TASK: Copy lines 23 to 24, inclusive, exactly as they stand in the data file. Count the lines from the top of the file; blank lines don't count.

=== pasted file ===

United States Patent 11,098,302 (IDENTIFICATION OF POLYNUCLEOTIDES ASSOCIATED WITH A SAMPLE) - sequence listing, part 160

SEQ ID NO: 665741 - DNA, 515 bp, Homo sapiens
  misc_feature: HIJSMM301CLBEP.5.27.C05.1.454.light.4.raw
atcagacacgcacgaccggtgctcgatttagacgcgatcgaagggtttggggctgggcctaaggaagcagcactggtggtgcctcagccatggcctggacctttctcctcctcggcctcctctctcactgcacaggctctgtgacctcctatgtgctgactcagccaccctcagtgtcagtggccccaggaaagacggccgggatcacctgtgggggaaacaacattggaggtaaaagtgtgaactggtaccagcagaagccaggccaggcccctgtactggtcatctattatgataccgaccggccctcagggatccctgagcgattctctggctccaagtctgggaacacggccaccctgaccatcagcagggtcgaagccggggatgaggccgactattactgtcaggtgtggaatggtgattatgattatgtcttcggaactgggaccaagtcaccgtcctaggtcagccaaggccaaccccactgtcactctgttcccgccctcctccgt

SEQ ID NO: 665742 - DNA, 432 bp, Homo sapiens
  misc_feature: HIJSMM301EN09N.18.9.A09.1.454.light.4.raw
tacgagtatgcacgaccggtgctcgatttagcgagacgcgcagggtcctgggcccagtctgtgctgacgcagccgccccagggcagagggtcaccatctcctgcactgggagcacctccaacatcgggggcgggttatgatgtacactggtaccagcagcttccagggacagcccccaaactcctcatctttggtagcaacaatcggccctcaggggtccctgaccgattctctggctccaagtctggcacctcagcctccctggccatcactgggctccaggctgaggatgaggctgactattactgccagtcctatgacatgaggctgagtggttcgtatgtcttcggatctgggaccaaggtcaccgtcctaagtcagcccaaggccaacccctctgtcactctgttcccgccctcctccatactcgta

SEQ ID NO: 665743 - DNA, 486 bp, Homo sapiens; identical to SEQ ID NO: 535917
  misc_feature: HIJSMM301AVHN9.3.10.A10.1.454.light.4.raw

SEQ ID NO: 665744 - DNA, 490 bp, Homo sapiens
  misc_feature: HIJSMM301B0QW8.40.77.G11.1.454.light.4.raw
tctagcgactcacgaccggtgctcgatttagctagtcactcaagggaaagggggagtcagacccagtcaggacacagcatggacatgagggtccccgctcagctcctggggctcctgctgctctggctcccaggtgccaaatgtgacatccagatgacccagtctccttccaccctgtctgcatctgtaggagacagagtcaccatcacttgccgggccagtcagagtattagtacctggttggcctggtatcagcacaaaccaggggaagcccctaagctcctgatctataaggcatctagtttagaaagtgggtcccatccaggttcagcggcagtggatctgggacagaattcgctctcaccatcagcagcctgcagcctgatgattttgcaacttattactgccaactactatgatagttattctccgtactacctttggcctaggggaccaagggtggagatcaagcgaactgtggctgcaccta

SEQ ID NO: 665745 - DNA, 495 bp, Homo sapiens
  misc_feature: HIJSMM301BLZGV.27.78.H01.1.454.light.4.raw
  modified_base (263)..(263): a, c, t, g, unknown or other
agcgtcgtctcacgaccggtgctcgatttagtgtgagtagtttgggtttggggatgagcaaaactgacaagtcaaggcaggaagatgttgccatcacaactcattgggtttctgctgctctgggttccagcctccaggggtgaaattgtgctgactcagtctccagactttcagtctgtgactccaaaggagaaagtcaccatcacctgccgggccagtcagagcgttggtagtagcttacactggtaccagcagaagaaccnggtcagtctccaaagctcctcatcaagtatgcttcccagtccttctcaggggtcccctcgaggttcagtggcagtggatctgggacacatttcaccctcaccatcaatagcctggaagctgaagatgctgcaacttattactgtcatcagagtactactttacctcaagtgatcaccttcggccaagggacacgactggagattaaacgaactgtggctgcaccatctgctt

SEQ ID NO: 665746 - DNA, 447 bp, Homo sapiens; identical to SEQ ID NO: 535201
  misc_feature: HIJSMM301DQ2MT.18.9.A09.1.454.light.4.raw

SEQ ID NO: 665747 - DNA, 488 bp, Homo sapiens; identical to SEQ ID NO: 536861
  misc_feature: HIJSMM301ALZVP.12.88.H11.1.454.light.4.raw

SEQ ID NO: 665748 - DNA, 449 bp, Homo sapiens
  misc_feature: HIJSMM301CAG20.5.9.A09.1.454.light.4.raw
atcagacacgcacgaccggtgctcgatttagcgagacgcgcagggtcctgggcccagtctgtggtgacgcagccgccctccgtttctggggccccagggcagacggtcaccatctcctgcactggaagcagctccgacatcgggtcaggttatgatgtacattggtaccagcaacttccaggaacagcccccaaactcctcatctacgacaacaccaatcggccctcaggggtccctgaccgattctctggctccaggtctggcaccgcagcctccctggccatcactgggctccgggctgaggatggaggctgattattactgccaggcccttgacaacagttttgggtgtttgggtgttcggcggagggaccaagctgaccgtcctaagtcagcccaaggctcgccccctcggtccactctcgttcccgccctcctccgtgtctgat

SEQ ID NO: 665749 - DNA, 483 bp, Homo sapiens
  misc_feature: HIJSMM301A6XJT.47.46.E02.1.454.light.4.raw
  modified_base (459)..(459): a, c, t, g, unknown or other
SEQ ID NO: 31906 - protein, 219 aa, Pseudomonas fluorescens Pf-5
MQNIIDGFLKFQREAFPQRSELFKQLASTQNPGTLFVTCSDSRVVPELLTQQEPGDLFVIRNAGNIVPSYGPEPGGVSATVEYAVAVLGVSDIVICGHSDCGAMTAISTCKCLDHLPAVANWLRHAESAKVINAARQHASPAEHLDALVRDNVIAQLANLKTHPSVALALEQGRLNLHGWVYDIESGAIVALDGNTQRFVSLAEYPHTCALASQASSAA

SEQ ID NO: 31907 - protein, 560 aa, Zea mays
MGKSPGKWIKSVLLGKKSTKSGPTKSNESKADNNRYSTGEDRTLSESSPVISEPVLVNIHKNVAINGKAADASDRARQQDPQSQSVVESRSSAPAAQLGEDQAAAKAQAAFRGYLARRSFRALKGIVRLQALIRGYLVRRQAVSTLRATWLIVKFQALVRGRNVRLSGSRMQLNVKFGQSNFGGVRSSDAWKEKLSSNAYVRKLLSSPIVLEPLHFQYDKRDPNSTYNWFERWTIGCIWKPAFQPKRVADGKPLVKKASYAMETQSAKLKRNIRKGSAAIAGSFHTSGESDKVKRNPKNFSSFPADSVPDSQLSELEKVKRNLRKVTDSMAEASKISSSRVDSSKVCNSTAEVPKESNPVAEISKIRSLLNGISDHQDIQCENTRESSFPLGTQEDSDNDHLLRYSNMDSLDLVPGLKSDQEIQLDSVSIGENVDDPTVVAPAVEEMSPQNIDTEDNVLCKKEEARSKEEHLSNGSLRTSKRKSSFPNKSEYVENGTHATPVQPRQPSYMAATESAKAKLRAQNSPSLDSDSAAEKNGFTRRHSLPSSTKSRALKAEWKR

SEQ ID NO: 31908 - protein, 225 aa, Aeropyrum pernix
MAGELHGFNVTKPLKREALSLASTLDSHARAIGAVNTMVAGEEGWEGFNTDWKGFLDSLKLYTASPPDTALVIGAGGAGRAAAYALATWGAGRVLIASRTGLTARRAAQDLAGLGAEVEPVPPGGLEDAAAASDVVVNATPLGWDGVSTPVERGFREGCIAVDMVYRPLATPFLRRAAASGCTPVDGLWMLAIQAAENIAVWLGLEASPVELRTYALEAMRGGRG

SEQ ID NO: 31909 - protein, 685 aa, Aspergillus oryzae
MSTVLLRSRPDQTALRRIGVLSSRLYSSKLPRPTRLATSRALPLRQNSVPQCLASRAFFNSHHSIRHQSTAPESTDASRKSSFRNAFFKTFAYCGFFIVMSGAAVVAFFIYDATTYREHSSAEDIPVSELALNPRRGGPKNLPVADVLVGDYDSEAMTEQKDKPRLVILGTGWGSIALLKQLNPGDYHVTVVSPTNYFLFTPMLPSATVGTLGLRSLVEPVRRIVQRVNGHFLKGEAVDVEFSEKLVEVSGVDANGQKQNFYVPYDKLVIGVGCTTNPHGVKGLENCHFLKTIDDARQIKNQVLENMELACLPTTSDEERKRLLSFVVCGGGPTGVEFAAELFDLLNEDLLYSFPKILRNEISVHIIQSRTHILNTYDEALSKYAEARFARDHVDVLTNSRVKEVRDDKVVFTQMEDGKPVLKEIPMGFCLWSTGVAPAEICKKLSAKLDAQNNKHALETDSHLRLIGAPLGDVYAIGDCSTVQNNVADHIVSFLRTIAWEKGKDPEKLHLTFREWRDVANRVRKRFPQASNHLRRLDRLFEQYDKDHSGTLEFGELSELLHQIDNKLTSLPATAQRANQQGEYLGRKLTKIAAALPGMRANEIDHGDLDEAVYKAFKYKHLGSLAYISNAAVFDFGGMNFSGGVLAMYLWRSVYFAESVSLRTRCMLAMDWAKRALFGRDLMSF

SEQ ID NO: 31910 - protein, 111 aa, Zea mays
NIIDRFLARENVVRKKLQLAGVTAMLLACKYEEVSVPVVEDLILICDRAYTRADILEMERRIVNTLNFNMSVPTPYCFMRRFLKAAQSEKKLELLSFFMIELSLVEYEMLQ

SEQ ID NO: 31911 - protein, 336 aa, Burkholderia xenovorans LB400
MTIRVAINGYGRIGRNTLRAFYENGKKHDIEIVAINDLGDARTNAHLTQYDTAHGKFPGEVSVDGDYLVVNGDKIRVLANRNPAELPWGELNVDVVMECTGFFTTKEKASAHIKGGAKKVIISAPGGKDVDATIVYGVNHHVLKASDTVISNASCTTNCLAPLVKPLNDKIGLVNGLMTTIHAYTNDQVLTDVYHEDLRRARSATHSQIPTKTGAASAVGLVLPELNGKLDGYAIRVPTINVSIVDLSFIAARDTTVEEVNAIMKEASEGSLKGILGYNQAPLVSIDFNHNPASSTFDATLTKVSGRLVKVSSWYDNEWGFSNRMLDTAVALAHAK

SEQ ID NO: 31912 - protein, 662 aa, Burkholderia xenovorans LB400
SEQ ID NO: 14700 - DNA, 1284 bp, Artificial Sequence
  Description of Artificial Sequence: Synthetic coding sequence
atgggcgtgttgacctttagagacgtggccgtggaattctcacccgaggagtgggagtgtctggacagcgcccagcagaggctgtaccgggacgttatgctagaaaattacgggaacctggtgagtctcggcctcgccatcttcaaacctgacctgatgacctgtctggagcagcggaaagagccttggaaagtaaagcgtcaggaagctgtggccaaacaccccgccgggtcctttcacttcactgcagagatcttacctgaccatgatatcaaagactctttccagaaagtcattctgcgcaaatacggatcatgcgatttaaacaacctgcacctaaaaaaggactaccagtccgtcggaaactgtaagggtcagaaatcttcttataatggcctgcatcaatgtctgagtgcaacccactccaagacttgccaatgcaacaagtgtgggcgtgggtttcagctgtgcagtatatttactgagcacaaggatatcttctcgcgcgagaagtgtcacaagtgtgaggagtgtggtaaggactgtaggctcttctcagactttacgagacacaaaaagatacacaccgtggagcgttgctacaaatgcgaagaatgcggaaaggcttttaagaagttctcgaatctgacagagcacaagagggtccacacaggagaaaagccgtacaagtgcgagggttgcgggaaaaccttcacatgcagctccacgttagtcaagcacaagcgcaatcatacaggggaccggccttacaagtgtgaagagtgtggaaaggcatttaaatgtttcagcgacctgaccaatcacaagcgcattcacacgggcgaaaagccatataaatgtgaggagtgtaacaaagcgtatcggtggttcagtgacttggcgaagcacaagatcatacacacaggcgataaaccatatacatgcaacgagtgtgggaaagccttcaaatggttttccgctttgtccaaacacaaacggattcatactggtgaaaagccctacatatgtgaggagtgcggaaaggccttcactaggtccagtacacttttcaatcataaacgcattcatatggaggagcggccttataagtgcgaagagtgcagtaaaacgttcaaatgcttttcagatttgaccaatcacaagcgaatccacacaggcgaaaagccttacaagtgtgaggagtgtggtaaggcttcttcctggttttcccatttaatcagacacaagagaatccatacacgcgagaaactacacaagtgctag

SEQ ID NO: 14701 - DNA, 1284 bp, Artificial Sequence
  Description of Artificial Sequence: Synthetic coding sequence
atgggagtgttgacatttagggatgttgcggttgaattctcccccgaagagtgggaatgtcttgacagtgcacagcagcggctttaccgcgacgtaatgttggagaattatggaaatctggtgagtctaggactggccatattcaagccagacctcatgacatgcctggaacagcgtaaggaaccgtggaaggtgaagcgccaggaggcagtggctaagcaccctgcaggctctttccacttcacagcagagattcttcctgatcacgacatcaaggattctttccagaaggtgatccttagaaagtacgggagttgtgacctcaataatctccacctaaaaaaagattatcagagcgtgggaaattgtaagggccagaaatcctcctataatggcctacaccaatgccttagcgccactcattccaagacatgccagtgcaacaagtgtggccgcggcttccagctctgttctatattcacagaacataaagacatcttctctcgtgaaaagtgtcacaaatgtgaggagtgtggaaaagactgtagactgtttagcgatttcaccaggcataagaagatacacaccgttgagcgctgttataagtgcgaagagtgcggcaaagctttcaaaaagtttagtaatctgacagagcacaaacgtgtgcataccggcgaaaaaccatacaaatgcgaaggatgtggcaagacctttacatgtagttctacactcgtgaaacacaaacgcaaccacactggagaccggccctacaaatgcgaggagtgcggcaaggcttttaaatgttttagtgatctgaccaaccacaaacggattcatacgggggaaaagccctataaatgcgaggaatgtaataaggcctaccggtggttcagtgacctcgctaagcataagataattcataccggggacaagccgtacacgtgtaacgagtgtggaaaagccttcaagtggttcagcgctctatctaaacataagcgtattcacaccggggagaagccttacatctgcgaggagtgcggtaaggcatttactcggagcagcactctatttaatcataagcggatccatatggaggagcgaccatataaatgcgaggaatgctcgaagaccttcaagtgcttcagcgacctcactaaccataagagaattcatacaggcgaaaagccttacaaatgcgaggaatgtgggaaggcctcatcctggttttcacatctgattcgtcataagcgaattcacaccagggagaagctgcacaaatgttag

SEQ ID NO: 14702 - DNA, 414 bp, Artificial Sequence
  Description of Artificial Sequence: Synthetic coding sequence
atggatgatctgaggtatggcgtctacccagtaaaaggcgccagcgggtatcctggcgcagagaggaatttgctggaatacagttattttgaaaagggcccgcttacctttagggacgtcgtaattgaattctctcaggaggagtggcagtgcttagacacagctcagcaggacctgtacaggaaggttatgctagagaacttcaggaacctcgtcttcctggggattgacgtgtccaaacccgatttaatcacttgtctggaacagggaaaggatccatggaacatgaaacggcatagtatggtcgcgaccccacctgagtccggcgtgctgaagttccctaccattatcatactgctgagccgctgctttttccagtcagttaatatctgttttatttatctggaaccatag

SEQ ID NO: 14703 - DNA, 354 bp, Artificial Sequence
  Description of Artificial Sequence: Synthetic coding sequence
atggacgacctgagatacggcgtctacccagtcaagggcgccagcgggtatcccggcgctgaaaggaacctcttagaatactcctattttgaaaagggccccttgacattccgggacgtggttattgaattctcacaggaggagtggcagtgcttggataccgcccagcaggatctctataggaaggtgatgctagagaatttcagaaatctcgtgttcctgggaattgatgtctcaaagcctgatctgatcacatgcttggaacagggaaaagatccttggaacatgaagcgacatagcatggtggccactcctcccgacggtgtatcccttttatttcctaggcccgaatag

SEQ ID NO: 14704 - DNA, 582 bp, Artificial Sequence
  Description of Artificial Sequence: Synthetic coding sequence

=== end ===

atcagacacgcacgaccggtgctcgatttagcgagacgcgcagggtcctgggcccagtctgtggtgacgcagccgccctccgtttctggggccccagggcagacggtcaccatctcctgcactggaagcagctccgacatcgggtcaggttatgatgtacattggtaccagcaacttccaggaacagcccccaaactcctcatctacgacaacaccaatcggccctcaggggtccctgaccgattctctggctccaggtctggcaccgcagcctccctggccatcactgggctccgggctgaggatggaggctgattattactgccaggcccttgacaacagttttgggtgtttgggtgttcggcggagggaccaagctgaccgtcctaagtcagcccaaggctcgccccctcggtccactctcgttcccgccctcctccgtgtctgat

SEQ ID NO: 665749 - DNA, 483 bp, Homo sapiens